X Games boost Aspen lodging bookings
The Aspen Times
Aspen, CO Colorado
ASPEN ” The Winter X Games likely will produce the biggest weekend Aspen and Snowmass will see for the rest of winter ” providing a boost for the whole Roaring Fork Valley in this year’s recession. The winter action sports event, held at Buttermilk, begins Thursday and runs through Sunday, Jan. 25.
Though advance bookings are down, local lodging experts expect that this year’s trend of last-minute bookings will continue to boost sales. According to Bill Tomcich at the central reservations agency Stay Aspen Snowmass, bookings for the X Games ” as of Jan. 1 ” peaked out at around the 75 percent range, trailing 10 percentage points behind the peak from last year’s Jan. 1 occupancy report.
Still, Tomcich was reasonably certain that “every reasonably priced hotel room” in Aspen and Snowmass would eventually be sold for the weekend. Luxury lodgings have traditionally been less popular with the X Games crowd, he noted.
“I just don’t think we’re going to sell [the rooms] out until probably the last minute,” he said.
Local lodging managers agreed, noting that this year’s economic uncertainty has led to more last-minute reservations, in general. The good news, said Tomcich, is that unlike previous years, rooms are available for last-minute travelers.
Regardless, the event is on track to produce the busiest weekend for the balance of winter, Tomcich said. It could even rival ” if not exceed ” New Year’s weekend, which peaked at roughly 90 percent occupancy, he said.
For the last six years, Winter X Games occupancy has peaked at over 98 percent, according to John Rigney, vice president of sales and events at Aspen Skiing Co.
“It’s totally transformed January,” he said, noting that January is now as busy, if not busier than February ” and rivals March.
Local lodging managers said that the coming weekend looked strong, with several saying they were on track to repeat last year’s business from the event.
Scott Olpin, general manager of the Molly Gibson Lodge and Hotel Aspen, called bookings “pretty strong,” and said they were comparable to 2008 bookings, so far. At the St. Regis Aspen, Ben Mollere, director of sales and marketing, called the week ahead “very solid.”
“It’s as strong as it was last year,” he said.
Many lodging establishments are filled for the Winter X Games, or nearly, by corporate bookings. Several hundred workers come in for the event, Rigney said. For example, at the Inn at Aspen, at the base of the event, nearly all the rooms are booked by ESPN ” and have been for nearly all of January.
And while a few rooms will sleep crew members, most will be turned into production rooms, said John Rivers, reservations manager for the Inn at Aspen. Many workers will head to outlying hotels, such as the Limelight Lodge, where, according to Eve Hogan, director of sales and marketing, ESPN and Monster Energy (the sports drink) will occupy 80 percent of the rooms for the Winter X Games.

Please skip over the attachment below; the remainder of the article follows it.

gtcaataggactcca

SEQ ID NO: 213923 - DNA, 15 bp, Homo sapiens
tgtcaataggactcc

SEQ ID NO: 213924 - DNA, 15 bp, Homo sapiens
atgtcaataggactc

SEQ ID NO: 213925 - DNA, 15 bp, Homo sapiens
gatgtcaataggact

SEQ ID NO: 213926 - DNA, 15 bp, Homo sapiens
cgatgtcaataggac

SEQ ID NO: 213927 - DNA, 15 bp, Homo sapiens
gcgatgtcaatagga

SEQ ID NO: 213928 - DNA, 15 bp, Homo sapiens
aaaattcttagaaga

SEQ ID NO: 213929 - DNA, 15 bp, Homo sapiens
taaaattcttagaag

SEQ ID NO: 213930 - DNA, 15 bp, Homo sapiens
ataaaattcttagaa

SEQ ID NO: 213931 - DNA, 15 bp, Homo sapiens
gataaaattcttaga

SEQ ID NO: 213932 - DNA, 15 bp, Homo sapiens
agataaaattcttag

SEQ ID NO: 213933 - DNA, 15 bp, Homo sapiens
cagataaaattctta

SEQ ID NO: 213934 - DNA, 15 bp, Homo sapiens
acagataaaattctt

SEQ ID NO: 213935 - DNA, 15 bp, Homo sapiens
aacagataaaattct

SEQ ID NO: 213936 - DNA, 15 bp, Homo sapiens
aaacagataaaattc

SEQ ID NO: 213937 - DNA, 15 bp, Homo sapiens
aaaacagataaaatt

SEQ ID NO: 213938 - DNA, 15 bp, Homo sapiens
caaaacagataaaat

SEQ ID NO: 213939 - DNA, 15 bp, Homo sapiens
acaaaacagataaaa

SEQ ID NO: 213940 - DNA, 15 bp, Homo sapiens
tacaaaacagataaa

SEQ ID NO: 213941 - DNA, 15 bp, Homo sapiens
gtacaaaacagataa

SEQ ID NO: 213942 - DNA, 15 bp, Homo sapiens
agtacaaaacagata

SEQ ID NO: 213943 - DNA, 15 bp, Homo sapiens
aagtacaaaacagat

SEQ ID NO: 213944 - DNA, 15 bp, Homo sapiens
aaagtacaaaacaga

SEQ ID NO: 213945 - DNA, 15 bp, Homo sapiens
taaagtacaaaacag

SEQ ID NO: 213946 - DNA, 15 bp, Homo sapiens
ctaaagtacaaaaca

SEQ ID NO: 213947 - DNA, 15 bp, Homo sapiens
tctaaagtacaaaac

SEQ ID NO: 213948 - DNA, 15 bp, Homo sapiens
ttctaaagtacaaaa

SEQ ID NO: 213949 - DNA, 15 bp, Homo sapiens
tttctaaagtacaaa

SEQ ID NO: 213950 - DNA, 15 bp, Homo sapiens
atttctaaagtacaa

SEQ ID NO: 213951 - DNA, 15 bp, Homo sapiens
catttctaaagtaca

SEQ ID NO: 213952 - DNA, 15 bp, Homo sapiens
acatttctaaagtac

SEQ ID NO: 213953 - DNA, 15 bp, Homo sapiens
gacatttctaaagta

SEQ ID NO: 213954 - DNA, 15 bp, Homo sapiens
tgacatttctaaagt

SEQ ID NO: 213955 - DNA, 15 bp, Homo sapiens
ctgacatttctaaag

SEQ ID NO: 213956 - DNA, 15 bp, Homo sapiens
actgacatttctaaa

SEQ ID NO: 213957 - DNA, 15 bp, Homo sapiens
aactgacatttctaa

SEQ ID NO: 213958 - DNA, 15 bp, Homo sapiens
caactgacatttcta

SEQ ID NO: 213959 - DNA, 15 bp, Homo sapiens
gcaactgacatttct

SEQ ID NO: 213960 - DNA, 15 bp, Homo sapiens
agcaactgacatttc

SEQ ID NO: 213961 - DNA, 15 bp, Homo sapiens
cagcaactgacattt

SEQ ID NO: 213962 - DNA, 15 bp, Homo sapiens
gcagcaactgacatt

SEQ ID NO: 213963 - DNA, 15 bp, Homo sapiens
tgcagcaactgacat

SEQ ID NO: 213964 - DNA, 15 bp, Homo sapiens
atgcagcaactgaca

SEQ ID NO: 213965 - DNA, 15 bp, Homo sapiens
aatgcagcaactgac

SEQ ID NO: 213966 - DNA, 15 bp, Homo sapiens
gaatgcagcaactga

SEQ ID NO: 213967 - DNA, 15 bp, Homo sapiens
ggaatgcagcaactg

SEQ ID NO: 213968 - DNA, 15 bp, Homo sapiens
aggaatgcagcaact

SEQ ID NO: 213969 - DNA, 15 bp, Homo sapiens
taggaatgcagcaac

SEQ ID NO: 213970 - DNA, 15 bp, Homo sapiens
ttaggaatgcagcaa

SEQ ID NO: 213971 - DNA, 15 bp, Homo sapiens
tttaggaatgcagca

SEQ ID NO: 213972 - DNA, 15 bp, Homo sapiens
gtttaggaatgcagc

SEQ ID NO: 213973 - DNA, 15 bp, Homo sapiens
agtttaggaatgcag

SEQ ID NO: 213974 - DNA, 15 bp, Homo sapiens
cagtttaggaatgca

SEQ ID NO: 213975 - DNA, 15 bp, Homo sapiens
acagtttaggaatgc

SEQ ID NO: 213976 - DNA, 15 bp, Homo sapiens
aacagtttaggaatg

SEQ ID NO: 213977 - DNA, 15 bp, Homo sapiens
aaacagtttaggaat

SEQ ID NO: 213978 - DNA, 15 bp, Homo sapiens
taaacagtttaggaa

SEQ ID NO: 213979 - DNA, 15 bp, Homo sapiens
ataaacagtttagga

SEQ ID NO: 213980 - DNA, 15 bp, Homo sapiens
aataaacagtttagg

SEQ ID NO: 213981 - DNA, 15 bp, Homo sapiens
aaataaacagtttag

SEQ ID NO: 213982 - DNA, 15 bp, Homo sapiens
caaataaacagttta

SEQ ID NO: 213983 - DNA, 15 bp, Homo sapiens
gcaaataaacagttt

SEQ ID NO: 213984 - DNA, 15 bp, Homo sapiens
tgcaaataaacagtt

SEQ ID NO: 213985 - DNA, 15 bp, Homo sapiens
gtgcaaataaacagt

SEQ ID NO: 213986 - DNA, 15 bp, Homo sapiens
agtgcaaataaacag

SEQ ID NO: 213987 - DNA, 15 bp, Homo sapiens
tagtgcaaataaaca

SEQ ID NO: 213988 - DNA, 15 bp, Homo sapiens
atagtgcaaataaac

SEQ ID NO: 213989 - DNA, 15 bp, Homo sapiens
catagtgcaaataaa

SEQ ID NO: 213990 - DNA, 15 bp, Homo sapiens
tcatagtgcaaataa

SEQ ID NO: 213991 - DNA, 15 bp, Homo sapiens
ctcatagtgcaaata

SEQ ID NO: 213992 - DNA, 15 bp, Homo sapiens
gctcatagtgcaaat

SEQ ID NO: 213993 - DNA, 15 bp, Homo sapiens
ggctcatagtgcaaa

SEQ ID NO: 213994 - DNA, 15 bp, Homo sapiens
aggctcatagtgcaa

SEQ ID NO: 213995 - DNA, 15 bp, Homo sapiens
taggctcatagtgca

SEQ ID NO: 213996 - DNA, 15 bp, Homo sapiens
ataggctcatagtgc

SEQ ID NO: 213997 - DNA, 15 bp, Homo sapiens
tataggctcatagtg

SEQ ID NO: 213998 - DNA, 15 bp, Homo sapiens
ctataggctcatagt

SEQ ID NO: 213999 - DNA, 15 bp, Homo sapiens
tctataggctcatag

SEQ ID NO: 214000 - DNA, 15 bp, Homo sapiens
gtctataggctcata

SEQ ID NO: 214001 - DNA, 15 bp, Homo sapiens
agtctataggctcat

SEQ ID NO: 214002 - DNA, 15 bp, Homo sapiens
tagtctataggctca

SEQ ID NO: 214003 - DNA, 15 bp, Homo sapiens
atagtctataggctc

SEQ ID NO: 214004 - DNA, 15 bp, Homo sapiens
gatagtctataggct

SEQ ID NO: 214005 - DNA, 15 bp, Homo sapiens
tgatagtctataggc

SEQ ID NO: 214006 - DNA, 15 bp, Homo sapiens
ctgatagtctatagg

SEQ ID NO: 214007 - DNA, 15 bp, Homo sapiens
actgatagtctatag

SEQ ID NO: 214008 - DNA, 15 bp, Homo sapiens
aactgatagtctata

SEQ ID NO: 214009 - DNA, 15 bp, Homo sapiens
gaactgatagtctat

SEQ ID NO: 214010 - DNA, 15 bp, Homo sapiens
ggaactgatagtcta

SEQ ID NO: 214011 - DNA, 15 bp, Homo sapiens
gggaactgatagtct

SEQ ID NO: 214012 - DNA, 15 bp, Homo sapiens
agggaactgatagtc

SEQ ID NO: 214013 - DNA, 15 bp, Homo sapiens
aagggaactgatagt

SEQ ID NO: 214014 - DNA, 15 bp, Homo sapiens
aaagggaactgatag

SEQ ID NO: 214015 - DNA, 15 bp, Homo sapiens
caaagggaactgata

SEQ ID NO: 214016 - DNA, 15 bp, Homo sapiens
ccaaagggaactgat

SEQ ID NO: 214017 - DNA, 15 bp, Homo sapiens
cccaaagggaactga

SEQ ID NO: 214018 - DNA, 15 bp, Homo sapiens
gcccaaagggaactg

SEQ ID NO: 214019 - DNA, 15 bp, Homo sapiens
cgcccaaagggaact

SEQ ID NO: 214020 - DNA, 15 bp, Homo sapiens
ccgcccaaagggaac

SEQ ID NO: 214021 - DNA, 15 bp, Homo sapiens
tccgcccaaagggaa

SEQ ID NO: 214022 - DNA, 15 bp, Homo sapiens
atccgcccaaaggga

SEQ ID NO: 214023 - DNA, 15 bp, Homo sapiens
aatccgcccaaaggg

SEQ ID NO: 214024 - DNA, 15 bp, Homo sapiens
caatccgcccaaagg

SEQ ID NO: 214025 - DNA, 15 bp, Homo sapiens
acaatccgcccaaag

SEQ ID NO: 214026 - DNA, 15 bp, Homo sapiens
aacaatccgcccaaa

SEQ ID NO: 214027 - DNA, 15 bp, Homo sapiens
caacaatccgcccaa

The downvalley trickle-down effect seems to be holding this year as well, though many hotels said visitors heading to the games seem to be booking later. At the Aspenalt Lodge in Basalt, General Manager Chris Szczelina said that, while the lodge would normally sell out for the Winter X Games, “we’re just not there yet.”
But he expected that the lodge might well sell out, echoing a widely held observation that this year, last-minute reservations are more common in general.
At the Days Inn in Carbondale, Brenda Davis, working at the front desk, said the hotel normally fills during a Winter X Games weekend. It’s the Aspen event for which the motel does the most business, she said.
This year, the hotel was about 70 percent full for the weekend, as of Monday. But Davis, too, expected it might fill, echoing Szczelina’s observation that travelers are tending to book later this year.
“People aren’t planning ahead as much,” she said. “That’s kind of every weekend.”
Even as far away as Glenwood Springs, hotel managers were expecting additional business from the Winter X Games. At the Hampton Inn in Glenwood Springs, front desk manager Bill Dillon said the hotel is picking up business from business travelers, such as charter pilots, who would normally book in Aspen.
“Right now, we’re looking at limited availability, expecting to be full for the weekend,” he said.
At both the Hampton Inn and the Holiday Inn Express in Glenwood Springs (owned by the same company), management wasn’t leaving a fully booked weekend to chance. They had dropped the rate for a room during the games by $50 compared to last year, said Matthew Doyle, general manager for the Holiday Inn Express.
“We’re trying to capture that guest that isn’t sure,” he said.
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